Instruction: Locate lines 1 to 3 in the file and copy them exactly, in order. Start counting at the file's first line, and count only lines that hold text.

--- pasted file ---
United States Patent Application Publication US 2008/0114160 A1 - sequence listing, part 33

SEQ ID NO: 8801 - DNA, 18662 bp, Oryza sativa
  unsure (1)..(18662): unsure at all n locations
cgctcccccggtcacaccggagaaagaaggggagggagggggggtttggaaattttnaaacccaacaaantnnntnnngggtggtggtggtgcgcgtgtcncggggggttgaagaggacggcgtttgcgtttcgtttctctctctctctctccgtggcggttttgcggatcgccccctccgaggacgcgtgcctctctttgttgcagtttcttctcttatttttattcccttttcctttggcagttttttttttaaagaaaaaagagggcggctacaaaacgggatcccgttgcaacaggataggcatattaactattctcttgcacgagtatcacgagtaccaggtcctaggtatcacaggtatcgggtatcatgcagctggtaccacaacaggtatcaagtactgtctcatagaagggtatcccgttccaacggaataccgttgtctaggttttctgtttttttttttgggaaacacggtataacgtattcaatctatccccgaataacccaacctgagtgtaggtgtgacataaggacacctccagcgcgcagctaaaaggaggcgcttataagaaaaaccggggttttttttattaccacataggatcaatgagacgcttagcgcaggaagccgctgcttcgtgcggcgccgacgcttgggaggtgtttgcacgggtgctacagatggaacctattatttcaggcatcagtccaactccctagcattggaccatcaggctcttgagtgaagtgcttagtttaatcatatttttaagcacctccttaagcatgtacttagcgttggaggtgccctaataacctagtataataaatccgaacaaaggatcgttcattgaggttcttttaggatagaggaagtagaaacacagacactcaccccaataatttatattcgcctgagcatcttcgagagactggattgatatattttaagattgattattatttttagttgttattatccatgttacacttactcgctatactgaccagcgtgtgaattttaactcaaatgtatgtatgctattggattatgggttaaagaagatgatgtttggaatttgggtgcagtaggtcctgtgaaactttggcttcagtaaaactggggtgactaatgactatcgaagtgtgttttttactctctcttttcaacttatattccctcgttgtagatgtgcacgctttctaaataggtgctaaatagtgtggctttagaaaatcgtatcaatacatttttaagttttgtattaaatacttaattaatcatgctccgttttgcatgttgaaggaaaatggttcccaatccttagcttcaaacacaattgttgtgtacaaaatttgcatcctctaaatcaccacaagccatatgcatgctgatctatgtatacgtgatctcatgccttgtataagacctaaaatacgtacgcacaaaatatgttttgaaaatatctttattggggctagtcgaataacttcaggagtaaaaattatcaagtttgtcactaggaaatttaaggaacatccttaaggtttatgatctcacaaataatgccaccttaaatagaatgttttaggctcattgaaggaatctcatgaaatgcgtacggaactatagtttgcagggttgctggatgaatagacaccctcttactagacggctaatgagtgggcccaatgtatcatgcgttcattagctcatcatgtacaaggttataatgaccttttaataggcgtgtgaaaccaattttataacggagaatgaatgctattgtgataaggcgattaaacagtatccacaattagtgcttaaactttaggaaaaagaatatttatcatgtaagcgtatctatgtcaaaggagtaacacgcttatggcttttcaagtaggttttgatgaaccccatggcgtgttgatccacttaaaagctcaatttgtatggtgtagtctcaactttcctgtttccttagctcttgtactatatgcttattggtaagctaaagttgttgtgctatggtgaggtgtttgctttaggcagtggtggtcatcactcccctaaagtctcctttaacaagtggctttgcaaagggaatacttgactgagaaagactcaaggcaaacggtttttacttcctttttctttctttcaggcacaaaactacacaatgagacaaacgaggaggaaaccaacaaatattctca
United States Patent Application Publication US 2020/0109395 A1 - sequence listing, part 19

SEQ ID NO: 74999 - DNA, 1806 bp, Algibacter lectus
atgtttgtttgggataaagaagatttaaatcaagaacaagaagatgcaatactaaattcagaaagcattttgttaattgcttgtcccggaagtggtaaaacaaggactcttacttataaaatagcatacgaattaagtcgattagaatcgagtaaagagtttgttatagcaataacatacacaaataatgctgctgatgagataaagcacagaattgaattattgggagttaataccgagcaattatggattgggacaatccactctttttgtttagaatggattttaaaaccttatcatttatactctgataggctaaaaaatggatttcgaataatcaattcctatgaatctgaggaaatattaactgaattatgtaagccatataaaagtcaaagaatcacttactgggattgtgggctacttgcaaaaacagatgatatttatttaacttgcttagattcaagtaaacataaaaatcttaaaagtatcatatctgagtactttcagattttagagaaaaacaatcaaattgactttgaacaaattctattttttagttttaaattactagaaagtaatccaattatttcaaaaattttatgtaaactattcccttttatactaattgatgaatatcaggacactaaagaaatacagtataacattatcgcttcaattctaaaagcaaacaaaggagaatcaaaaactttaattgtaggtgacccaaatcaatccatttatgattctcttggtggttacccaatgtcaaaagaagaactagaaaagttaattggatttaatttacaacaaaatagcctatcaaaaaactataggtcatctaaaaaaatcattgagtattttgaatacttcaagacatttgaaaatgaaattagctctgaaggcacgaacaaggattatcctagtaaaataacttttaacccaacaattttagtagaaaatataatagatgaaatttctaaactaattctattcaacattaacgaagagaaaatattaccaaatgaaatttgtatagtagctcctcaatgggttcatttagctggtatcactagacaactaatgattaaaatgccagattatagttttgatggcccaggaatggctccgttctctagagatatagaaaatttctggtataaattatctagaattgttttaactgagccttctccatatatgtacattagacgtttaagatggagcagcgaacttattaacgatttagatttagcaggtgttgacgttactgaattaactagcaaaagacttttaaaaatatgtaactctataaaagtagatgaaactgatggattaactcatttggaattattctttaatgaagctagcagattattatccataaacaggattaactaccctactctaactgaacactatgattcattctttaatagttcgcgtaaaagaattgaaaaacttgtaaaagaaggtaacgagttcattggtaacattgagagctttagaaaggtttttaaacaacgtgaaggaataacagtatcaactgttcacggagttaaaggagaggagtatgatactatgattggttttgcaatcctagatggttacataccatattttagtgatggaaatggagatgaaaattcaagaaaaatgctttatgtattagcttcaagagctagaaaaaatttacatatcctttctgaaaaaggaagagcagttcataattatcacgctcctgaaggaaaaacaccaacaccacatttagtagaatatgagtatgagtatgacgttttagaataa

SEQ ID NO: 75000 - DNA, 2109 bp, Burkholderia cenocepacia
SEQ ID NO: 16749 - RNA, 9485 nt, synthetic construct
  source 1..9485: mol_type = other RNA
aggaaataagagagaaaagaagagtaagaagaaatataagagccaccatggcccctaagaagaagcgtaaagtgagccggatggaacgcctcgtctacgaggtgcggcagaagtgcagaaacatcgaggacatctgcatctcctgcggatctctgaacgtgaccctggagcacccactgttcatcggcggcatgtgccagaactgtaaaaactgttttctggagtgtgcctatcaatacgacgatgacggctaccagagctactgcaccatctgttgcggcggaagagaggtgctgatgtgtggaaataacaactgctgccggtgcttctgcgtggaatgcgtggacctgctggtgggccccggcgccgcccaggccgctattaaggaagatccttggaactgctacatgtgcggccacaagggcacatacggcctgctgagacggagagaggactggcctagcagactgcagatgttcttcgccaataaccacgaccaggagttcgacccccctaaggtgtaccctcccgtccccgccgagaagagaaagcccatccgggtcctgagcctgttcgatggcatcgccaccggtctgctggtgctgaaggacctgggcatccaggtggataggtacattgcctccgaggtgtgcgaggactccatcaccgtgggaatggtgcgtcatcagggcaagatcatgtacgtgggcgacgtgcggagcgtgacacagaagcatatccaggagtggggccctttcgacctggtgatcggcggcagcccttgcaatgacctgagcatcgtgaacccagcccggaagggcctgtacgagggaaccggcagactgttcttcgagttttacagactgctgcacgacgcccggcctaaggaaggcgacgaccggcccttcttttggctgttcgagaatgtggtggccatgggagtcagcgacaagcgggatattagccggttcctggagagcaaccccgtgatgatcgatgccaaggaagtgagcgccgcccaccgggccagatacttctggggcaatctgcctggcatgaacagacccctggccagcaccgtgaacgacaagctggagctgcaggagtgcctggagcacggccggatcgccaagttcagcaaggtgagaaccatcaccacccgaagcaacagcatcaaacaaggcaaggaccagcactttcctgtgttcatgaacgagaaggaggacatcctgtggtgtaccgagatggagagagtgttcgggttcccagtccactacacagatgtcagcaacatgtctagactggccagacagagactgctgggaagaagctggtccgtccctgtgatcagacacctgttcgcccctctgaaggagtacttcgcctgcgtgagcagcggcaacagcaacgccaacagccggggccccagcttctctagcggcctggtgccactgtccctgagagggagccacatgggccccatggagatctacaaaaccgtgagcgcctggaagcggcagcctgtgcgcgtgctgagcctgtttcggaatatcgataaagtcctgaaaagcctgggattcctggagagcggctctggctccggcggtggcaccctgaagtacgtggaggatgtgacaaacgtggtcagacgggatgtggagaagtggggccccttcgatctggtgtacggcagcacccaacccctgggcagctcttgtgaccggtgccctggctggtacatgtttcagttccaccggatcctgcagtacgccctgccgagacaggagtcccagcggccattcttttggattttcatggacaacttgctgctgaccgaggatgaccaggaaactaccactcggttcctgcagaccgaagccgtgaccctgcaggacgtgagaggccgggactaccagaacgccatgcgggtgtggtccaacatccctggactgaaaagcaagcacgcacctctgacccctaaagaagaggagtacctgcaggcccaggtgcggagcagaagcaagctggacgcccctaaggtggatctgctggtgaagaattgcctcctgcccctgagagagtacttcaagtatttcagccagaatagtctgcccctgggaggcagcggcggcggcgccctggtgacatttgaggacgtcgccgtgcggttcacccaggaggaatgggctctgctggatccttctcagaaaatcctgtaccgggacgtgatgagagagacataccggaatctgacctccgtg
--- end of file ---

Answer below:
United States Patent Application Publication US 2008/0114160 A1 - sequence listing, part 33

SEQ ID NO: 8801 - DNA, 18662 bp, Oryza sativa
  unsure (1)..(18662): unsure at all n locations